After our previous discussion at Report stage, I returned home and watched a film on BBC 1 which started at 10.30 in the evening. In the film a young girl of 15 entered a pub and was then gang raped by three men. It was an American film. I have no idea why it was bought. Why do we buy that sort of programme rather than support our own film industry? Why do we spend money importing programmes which show a lack of taste, decency and morality and broadcast them into homes in this country? The programme started at 10.30 in the evening and finished at midnight. I do not take seriously the argument that it is all right to show programmes depicting certain material after a certain time at night. I have 14 grandchildren. I know that they can operate the television and record programmes. Some people suggest that one should not complain about the subject matter of programmes broadcast after nine o'clock at night as children will not see them because they are in bed. The people who say that obviously do not have grandchildren. They are up all sorts of hours and they can record these programmes so I would not take too lightly the excuse that it is all right.
In anticipation that the Government would come under pressures from their staff and the BBC, I tabled an amendment to give the Minister the power--not laying down--to set up a broadcasting ombudsman. I am hopeful that we can strengthen the powers of the BSC, which is our first desire, and not allow the corporation to continue to act as judge and jury in its own case. I know the critics will say that the ombudsman process is slow. It is true that complicated cases may last a year.
If we do not strengthen the BSC he or his successor might need to take up the option of appointing a broadcasting ombudsman. We would be following the example of many other countries, particularly Scandinavia. We may gain by having that facility up our sleeve and therefore force the governors to be even firmer in their reactions.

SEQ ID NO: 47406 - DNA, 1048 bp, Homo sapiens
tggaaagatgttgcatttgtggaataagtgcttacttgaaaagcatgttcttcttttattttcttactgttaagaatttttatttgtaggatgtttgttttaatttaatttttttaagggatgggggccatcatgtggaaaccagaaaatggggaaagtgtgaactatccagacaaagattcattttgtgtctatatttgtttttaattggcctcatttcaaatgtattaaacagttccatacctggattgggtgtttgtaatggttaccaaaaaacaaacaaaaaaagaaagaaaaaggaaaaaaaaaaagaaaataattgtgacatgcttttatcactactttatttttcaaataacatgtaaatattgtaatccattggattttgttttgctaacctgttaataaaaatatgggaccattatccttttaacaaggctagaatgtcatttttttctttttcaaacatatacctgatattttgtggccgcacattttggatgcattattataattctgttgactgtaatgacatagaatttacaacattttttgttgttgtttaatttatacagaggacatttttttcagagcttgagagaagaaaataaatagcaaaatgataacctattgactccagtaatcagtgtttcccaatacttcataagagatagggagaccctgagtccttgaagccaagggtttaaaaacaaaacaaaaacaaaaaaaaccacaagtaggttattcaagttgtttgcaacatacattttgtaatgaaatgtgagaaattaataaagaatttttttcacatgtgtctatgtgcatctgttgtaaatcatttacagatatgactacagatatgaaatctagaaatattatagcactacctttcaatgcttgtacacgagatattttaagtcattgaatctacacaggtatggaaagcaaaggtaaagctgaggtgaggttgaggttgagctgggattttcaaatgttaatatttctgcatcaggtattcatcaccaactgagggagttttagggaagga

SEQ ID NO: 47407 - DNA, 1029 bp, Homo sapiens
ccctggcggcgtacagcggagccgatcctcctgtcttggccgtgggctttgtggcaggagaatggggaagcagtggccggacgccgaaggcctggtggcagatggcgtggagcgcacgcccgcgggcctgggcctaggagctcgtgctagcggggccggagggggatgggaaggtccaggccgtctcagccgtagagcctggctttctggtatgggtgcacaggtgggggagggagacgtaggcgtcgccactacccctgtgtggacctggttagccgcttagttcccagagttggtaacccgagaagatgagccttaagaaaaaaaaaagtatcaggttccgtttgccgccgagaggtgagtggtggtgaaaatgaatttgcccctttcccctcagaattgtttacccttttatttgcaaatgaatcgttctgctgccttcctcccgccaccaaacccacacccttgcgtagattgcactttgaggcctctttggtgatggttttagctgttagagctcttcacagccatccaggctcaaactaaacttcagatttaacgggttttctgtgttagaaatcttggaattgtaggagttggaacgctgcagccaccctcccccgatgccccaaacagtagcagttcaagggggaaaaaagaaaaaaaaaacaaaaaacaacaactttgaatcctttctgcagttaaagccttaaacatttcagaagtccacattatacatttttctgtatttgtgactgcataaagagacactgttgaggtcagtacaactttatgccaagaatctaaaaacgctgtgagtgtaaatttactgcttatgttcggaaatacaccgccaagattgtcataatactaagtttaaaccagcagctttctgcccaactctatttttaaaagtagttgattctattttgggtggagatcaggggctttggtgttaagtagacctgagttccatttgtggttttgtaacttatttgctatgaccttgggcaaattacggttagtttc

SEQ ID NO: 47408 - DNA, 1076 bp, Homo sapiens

I therefore support my noble friend in his amendments and hope he will decide whether we are going to vote on them tonight or leave it until Third Reading. This is the last chance that I can see anywhere for at least 10 years, well into the next century, so surely we ought to take this opportunity, or the Third Reading opportunity, to vote on this issue.
Lord Cocks of Hartcliffe: My Lords, I do not normally speak on broadcasting matters because of my position as the Vice-Chairman of the BBC but this is an important matter. The noble Lord, Lord Chalfont, said that he had never heard a case put against what he was saying, so I hope my limping efforts will perhaps go some way towards redressing the balance. The Government in their recent White Paper on the BBC recognised that throughout the world its diversity, its programme independence and its accuracy are bywords.
The governors look after the public interest. I never engage in hypothetical discussions about the public interest, but I know the public interest when I see it. Protecting the reputation of the BBC for truth and impartiality to me is a sacred trust. Those of us who were alive during the war know the contribution the BBC made to morale and the war effort and how people in occupied Europe actually risked their lives to listen to the BBC. Even today when parliamentarians travel abroad they hear everywhere of the excellence and reputation of the BBC.
There has been a lot of talk recently about quangos--even tonight it has crept into the discussions--and how unrepresentative and unaccountable they are. But many of the people who say this have fallen into the oldest and easiest political trap of starting to believe their own propaganda. The stereotyped nonsense which is talked about quangos and their personnel bears no resemblance to the governors that I know and work with at the BBC. What sort of people do they really think we are if we are going to crumple under pressure and allow people to bully the finest public broadcasting service in the world? The governors of the BBC are determined that our programmes are fair and accurate and our programme makers behave impartially.